Nigiri (short for nigirizushi) is a popular type of Japanese cuisine that’s commonly found in sushi restaurants worldwide. Unlike other sushi like maki, nigiri is not rolled up in seaweed. Instead, each portion of nigiri consists of a thinly sliced piece of fresh raw fish laid over a formed ball of sushi rice. Fun fact: Sushi is a Japanese term that refers to any food made with vinegared rice.
Raw fish can be intimidating, but nigiri is very palatable and offers a unique taste. This is why it’s suggested that first-time sushi diners start with nigiri. Let’s take a closer look at nigiri sushi in Phoenix, AZ!
A brief overview
In Japanese, nigiri means “two fingers” (ni=two, giri=fingers). It gets its name from the fact that the rice has to be separated into a specific portion and fit comfortably on the sushi chef’s “two fingers” when pressing. This type of sushi originated in Edo (present-day Tokyo). You maybe interested to know that nigiri sushi is also known as Edo-Mae in Japan.
Nigiri is different from other types of sushi in that pieces consist of a slice of fresh raw fish or seared fish laid over pressed vinegared rice, but nigiri is not to be confused with sashimi. Sashimi, although not technically sushi, is slices of extremely fresh fish or meat served raw either over a bed of shredded daikon radish or just as is.
Nigiri is always fish and other seafood like shrimp, squid and octopus—never meat. It is made with a specially made sushi rice combined with vinegar, called vinegared rice. Vinegared rice is balled and pressed by hand to form the base of the nigiri, then a slice of raw fish is placed on top of the formed rice base with or without a dab of wasabi. Orders of nigiri are accompanied with wasabi, pickled ginger and soy sauce on the side.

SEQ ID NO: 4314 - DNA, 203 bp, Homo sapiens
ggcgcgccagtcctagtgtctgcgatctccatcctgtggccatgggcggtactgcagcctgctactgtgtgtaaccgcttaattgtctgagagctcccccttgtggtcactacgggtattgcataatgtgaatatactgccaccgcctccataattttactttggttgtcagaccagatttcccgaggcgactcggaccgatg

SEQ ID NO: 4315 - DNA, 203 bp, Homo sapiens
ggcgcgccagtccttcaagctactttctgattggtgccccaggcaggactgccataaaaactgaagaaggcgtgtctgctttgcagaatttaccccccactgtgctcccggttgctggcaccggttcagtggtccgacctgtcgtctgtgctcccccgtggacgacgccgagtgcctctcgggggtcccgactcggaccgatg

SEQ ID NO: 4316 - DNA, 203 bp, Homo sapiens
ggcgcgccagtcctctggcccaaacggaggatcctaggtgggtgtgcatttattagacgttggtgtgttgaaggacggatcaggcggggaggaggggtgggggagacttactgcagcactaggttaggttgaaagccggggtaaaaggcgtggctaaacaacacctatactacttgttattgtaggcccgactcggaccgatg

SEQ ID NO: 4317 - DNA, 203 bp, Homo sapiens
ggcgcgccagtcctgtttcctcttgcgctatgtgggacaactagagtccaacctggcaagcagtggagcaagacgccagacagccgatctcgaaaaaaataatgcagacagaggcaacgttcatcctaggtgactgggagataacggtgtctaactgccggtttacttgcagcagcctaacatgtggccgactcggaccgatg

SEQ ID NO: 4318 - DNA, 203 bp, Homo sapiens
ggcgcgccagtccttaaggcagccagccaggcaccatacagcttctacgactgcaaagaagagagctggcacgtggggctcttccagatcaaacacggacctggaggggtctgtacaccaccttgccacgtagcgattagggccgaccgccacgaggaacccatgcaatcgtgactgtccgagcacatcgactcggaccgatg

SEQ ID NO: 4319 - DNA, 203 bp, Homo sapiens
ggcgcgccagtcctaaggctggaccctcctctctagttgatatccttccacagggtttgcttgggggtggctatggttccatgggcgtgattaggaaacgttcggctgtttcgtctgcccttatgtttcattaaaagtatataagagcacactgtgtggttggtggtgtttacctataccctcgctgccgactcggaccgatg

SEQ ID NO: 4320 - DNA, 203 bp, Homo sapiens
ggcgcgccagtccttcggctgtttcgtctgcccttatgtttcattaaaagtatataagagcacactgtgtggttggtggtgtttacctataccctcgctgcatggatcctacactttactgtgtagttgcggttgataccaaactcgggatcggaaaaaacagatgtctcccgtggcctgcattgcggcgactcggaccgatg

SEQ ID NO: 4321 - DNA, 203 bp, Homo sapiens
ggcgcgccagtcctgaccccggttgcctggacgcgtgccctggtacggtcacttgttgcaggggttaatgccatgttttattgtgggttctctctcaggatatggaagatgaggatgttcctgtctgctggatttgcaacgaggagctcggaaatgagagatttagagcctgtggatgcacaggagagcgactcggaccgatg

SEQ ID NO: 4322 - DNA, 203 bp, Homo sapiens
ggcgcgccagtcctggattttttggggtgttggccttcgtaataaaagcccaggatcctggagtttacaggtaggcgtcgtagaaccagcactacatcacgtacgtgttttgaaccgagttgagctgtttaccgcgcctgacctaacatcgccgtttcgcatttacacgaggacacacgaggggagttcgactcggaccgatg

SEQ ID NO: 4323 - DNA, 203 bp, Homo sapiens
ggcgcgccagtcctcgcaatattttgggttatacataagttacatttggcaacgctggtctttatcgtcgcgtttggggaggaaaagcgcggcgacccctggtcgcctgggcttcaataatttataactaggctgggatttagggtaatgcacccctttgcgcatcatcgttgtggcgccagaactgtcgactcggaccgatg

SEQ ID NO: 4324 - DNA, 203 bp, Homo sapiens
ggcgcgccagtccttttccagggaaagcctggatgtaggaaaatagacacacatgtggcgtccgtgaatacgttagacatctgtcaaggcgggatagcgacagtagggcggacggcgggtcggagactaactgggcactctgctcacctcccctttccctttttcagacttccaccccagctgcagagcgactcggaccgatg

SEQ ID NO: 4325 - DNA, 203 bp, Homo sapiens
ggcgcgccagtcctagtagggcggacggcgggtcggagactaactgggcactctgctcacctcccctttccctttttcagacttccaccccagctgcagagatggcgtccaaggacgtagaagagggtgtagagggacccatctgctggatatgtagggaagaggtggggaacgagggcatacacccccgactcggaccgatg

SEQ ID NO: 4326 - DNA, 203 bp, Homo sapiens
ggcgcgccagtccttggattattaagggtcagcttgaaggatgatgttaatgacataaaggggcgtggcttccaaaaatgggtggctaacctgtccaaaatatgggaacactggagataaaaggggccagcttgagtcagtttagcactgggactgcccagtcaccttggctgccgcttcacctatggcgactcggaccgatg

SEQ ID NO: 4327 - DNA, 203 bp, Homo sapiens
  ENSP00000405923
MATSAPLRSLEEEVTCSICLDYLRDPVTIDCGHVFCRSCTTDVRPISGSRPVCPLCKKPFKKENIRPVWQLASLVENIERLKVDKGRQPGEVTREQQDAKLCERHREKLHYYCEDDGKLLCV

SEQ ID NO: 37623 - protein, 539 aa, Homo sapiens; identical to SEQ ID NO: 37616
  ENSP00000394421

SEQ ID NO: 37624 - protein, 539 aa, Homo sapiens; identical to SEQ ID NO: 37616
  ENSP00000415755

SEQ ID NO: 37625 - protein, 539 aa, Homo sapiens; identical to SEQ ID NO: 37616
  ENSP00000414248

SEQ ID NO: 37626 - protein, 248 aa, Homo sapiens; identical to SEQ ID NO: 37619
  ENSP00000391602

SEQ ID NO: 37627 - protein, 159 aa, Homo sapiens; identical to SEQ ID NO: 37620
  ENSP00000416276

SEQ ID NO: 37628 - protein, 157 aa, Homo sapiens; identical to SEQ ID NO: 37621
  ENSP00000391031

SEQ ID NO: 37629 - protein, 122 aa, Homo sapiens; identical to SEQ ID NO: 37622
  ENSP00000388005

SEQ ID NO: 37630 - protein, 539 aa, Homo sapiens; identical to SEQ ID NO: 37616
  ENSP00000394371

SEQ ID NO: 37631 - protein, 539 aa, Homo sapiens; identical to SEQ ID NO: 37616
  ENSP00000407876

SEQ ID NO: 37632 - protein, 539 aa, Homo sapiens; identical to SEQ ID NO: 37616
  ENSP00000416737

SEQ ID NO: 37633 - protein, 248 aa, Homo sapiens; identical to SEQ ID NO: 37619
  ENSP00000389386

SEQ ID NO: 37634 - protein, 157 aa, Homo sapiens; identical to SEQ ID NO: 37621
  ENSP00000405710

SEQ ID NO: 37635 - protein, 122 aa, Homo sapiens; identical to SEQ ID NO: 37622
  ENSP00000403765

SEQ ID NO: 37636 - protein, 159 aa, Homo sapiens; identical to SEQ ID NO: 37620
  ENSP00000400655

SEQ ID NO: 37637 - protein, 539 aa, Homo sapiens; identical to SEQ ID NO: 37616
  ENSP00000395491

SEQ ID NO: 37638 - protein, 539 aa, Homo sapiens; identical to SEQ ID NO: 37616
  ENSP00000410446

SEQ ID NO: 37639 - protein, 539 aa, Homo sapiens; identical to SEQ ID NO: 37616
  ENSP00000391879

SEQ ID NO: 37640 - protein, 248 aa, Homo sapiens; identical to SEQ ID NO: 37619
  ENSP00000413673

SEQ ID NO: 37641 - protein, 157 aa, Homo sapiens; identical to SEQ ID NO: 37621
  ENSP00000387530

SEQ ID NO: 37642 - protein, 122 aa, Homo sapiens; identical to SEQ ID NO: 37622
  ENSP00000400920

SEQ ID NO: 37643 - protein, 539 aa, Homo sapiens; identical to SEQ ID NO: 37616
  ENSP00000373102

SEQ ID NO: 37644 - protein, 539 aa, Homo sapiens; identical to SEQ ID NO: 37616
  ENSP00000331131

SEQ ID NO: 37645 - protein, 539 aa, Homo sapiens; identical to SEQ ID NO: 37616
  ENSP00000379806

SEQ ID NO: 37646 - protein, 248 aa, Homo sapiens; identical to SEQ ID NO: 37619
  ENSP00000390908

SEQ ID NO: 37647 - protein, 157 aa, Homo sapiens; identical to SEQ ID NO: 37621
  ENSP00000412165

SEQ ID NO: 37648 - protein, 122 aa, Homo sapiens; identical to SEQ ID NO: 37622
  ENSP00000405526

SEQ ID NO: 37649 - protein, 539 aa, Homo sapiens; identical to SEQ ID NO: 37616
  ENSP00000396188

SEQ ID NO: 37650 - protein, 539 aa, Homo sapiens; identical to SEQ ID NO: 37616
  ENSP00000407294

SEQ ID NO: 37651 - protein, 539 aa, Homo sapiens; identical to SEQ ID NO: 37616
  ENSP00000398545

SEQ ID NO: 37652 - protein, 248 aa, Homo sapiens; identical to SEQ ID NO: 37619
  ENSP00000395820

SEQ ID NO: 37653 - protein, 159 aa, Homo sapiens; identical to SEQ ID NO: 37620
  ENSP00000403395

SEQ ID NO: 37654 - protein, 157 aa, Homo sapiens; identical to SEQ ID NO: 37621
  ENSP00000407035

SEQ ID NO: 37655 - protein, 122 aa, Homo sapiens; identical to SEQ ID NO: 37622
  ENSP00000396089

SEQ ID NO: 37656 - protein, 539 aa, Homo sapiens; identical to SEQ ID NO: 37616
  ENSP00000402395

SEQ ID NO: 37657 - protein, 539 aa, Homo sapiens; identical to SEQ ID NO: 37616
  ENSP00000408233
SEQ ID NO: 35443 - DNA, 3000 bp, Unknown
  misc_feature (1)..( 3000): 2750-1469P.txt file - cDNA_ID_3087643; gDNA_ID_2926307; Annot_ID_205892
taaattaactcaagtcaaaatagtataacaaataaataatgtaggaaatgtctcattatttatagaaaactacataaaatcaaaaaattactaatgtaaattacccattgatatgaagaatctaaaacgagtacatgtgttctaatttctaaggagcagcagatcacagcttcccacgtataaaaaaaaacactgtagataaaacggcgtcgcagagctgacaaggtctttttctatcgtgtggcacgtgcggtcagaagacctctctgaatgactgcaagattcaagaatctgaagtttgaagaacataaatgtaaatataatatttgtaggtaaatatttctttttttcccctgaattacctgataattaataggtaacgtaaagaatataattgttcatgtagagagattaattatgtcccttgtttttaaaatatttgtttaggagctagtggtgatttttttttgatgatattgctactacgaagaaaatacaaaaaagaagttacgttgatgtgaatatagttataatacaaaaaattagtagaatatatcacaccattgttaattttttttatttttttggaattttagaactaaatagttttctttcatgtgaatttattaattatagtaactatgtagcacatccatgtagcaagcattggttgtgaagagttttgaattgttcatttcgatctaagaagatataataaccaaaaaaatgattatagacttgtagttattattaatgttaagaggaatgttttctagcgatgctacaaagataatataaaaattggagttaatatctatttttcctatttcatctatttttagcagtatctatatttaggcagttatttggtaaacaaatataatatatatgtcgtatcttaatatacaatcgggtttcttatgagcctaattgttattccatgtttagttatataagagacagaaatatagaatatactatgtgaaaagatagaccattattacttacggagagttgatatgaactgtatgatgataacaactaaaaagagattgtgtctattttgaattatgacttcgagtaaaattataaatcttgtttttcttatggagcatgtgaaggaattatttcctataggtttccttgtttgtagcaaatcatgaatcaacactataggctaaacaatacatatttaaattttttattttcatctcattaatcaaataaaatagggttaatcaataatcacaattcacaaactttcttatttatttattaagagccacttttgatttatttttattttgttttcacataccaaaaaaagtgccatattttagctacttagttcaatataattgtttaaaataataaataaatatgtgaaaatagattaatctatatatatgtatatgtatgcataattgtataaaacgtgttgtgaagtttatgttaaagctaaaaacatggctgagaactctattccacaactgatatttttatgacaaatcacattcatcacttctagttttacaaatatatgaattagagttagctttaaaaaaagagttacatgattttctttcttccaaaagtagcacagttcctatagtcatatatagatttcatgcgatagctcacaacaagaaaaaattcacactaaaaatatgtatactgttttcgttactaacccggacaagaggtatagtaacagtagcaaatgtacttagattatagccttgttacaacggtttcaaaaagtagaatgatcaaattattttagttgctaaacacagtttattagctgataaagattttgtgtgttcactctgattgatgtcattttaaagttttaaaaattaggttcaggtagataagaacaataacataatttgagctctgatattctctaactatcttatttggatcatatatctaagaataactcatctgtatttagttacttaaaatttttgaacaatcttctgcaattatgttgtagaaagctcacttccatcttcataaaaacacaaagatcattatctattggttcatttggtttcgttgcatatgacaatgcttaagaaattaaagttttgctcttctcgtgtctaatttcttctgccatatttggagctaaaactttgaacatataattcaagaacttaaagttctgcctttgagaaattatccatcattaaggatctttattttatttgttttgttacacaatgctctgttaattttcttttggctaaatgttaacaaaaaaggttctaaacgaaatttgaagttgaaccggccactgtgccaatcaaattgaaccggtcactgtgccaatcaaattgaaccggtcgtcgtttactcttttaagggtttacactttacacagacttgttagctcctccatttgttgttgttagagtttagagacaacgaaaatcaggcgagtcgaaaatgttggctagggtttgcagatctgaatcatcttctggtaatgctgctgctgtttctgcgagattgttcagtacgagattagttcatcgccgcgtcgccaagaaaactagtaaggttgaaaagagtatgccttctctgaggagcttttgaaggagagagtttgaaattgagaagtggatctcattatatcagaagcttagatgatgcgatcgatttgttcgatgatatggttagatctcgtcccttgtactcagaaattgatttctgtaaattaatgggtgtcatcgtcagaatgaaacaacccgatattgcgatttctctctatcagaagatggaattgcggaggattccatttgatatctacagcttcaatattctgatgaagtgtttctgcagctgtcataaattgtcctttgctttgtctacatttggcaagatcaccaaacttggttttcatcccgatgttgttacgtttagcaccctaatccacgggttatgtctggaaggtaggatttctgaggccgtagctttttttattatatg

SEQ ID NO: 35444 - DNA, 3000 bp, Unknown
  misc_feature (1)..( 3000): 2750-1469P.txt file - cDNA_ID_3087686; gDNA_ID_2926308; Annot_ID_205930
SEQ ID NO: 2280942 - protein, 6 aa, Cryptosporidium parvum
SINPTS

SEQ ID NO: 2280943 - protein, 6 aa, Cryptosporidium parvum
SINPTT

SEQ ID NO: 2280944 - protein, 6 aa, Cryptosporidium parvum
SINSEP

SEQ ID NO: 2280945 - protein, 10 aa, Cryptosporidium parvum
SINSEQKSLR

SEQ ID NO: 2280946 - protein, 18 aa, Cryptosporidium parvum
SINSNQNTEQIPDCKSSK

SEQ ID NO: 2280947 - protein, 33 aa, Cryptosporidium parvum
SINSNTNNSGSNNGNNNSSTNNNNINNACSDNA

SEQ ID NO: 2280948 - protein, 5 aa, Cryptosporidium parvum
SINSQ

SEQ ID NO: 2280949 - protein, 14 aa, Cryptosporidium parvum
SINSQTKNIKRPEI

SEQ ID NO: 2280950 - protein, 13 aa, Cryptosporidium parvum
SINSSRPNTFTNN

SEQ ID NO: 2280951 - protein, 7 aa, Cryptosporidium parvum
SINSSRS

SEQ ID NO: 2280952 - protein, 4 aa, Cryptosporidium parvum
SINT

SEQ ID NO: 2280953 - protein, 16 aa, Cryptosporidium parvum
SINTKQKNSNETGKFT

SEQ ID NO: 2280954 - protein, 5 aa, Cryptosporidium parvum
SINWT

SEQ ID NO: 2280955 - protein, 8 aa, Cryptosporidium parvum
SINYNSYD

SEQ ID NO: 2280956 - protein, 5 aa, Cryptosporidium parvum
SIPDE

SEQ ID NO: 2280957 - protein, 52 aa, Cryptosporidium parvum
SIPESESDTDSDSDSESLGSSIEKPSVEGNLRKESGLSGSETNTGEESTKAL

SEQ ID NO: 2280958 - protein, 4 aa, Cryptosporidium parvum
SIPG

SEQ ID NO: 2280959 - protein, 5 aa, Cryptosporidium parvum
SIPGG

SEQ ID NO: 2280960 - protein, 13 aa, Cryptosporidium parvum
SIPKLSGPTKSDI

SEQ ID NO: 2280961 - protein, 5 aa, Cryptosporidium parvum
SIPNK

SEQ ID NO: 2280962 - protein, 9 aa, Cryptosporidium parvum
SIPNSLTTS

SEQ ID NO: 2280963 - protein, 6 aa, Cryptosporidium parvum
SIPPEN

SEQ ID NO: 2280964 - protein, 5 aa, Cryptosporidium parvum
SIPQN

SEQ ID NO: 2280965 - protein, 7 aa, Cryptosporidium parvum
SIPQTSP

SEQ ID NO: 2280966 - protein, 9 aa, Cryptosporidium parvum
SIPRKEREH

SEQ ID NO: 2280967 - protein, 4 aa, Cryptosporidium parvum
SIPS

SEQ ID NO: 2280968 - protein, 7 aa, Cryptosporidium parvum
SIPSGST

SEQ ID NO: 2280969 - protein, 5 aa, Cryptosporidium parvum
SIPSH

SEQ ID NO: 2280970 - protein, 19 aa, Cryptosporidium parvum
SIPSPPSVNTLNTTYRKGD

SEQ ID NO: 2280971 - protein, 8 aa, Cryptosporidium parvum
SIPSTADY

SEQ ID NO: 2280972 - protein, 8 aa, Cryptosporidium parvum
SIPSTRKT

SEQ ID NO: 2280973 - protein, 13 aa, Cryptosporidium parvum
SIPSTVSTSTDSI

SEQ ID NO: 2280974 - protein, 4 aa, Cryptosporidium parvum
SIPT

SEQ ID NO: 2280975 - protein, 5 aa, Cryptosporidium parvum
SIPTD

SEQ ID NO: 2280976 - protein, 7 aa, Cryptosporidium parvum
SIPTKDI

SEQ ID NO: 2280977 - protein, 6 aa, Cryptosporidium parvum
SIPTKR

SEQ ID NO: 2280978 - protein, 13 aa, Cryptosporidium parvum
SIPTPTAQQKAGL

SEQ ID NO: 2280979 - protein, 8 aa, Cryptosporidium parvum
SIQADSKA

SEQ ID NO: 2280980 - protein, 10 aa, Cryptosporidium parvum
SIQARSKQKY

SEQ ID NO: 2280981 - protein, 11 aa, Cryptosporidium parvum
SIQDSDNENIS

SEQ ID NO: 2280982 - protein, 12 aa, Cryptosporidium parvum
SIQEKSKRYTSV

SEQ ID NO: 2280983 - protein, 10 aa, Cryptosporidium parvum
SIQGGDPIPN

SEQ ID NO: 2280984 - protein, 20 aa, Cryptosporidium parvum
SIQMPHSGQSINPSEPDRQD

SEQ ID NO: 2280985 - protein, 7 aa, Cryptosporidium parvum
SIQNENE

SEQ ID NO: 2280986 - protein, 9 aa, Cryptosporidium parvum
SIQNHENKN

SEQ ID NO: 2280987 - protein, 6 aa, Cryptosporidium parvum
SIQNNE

Common types of fish for nigiri
Sushi lovers around the world can enjoy their orders of nigiri with a variety of fish. The most popular type of fish toppings for nigiri are tuna (Maguro), salmon (Sake), halibut (Hirame), yellowtail (Hamachi), fresh water eel (Unagi), cooked shrimp (Ebi) and egg omelet (Tamago). Because they are typically easier on the palate, these fish toppings are recommended for those new to eating sushi. Once you know you like nigiri, try some other fish toppings—like octopus (Tako), crab (Kani), squid (Ika), abalone (Awagi) and salmon roe (Ikura)—which have strong flavors that take some getting used to.
Ordering nigiri for the first time
If you’re a sushi beginner and want to try nigiri, but have no idea what to get, don’t be shy about asking the restaurant staff and chefs for recommendations!
Here at PURE Sushi Colony, we make the best nigiri sushi in Phoenix, AZ. You’re invited to sit down to a selection of nigiri topped with your choice of the most delicious fresh raw fish, including tuna, salmon, albacore, yellowtail, fresh water eel and so much more!
Categorised in: Nigiri Sushi